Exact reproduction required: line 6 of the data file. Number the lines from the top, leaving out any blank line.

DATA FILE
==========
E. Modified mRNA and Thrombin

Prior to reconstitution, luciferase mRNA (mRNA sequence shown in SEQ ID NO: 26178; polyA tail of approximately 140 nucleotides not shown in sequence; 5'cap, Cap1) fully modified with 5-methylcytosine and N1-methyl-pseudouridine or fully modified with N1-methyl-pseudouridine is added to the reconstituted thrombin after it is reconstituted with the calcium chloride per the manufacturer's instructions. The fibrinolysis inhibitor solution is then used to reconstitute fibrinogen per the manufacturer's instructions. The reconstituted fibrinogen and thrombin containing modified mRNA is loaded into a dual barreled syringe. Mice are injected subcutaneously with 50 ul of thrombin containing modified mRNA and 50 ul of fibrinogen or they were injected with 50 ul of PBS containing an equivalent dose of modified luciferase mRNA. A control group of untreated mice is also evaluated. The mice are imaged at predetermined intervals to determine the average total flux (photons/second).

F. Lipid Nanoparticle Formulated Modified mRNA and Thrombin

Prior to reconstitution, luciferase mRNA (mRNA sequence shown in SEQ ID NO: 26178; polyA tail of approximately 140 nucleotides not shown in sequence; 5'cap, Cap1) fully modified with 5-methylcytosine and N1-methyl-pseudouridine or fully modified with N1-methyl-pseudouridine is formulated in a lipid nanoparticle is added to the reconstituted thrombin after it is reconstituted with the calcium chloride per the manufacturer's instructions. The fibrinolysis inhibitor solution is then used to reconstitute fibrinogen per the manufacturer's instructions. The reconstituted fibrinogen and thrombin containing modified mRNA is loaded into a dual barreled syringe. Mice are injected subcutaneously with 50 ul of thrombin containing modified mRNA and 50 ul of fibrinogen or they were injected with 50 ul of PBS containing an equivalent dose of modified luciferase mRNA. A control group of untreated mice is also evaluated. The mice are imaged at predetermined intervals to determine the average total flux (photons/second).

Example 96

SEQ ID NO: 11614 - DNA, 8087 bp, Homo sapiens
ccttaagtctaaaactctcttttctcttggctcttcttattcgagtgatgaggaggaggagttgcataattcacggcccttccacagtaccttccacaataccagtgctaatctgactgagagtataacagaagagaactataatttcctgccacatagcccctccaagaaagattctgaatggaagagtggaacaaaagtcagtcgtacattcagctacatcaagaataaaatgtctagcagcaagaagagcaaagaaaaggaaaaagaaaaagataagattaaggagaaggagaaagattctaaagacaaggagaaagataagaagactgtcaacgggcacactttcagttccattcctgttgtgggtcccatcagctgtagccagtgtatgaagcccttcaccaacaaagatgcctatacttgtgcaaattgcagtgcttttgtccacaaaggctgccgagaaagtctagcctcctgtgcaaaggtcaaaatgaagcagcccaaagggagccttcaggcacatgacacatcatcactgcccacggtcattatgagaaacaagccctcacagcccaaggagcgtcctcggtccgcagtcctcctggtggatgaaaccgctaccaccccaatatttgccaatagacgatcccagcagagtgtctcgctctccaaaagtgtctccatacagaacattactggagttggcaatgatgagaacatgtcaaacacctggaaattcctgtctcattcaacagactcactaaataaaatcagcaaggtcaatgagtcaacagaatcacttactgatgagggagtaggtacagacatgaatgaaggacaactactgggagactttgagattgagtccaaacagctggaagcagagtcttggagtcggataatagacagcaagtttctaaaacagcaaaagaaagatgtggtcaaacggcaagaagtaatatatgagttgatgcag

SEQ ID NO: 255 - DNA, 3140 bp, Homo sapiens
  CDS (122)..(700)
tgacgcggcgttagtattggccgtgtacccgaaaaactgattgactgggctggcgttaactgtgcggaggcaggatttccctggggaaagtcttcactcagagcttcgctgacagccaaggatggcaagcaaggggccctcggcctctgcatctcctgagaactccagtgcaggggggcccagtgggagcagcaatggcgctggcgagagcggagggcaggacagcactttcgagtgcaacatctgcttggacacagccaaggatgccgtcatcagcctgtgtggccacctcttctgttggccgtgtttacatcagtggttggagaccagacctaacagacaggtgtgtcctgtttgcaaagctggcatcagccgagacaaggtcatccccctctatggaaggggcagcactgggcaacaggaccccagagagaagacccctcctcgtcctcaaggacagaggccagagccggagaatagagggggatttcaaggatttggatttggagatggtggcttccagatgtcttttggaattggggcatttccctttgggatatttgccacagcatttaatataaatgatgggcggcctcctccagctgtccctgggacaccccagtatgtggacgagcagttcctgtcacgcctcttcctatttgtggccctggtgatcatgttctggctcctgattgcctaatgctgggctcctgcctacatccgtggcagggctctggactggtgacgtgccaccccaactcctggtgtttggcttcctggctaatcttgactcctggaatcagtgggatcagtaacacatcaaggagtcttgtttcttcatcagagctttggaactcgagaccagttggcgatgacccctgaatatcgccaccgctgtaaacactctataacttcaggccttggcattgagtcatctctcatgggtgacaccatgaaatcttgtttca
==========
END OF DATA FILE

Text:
SEQ ID NO: 11614 - DNA, 8087 bp, Homo sapiens